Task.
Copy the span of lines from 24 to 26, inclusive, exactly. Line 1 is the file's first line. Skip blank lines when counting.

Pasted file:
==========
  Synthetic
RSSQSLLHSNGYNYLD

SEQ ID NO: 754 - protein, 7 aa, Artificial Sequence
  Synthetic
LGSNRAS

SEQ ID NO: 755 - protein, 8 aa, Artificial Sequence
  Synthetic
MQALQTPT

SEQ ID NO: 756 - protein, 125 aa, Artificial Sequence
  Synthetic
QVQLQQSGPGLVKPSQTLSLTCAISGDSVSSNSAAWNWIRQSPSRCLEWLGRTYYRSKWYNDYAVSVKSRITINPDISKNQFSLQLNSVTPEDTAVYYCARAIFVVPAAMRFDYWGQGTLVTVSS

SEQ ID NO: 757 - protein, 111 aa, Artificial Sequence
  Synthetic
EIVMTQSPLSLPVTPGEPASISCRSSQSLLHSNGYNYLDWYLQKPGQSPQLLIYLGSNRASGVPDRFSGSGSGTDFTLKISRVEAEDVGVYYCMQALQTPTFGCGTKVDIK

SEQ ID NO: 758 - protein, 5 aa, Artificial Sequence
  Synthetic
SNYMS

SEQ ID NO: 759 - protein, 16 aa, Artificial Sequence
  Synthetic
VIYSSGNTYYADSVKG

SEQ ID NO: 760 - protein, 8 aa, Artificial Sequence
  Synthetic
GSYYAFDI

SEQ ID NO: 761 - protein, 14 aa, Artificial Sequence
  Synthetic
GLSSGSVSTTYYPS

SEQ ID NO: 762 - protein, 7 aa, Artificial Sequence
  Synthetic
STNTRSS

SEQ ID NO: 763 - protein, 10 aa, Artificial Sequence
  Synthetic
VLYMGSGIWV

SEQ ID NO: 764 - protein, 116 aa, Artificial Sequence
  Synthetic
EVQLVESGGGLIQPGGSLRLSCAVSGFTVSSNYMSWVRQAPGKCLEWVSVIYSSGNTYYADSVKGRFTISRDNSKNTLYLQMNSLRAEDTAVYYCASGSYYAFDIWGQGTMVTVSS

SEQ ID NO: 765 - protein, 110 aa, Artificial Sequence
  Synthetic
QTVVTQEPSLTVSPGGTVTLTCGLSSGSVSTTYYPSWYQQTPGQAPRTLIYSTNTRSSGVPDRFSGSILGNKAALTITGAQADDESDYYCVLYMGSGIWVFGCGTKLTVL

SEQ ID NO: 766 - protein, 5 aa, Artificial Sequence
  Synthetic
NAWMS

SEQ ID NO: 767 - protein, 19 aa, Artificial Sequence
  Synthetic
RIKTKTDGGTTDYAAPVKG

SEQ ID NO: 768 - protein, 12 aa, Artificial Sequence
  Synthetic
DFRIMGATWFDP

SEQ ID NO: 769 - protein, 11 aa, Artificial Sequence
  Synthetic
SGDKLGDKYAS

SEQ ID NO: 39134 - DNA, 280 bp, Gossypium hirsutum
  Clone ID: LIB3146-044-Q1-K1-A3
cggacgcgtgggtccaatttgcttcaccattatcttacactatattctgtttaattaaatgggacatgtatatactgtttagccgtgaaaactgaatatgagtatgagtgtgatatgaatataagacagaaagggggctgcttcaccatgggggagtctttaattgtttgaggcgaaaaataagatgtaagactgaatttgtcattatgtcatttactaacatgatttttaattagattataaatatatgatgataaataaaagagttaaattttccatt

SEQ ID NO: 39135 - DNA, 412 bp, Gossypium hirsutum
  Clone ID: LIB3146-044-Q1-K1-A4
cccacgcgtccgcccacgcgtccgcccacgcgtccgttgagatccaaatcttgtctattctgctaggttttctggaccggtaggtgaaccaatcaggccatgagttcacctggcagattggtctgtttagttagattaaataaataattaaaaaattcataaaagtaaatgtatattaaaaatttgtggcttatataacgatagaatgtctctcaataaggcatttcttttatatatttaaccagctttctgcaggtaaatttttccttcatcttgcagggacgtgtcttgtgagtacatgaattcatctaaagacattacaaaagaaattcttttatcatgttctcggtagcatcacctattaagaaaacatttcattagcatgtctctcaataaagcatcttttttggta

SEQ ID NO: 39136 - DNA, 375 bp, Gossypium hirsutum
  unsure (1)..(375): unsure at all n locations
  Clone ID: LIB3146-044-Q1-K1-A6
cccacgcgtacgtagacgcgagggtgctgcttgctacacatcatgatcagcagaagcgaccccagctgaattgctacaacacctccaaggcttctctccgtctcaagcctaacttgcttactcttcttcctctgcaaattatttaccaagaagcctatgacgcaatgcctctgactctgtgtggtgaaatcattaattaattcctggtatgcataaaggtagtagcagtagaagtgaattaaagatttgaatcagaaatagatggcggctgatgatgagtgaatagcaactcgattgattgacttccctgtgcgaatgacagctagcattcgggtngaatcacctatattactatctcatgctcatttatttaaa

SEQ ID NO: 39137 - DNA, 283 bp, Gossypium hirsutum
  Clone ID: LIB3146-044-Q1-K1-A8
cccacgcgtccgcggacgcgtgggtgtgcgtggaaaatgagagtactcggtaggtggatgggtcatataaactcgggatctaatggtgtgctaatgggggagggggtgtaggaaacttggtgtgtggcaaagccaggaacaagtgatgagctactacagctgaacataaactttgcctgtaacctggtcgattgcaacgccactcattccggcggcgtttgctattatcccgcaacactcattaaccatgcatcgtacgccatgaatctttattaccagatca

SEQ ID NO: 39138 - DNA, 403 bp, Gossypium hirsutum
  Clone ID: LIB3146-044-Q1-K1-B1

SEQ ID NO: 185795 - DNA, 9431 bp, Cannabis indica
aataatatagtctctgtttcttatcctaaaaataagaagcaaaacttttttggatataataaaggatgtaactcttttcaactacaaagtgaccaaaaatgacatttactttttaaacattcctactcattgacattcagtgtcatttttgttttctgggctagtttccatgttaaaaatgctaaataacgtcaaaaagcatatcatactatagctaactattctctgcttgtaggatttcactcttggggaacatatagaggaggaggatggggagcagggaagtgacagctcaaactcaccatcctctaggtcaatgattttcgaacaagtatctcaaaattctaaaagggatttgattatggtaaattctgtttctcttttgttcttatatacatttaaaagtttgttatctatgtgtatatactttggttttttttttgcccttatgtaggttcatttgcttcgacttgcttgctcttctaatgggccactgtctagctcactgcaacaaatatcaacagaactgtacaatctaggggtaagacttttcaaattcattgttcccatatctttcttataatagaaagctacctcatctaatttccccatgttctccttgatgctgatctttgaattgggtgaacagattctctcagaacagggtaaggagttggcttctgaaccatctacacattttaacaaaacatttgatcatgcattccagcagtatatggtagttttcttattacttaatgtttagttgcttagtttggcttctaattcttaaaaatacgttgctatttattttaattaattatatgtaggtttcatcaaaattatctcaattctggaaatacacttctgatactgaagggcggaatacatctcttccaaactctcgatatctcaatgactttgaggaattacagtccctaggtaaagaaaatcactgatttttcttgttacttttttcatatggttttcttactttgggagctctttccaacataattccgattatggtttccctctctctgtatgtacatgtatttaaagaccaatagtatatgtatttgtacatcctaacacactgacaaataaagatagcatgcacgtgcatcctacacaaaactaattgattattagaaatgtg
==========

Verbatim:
SEQ ID NO: 761 - protein, 14 aa, Artificial Sequence
  Synthetic
GLSSGSVSTTYYPS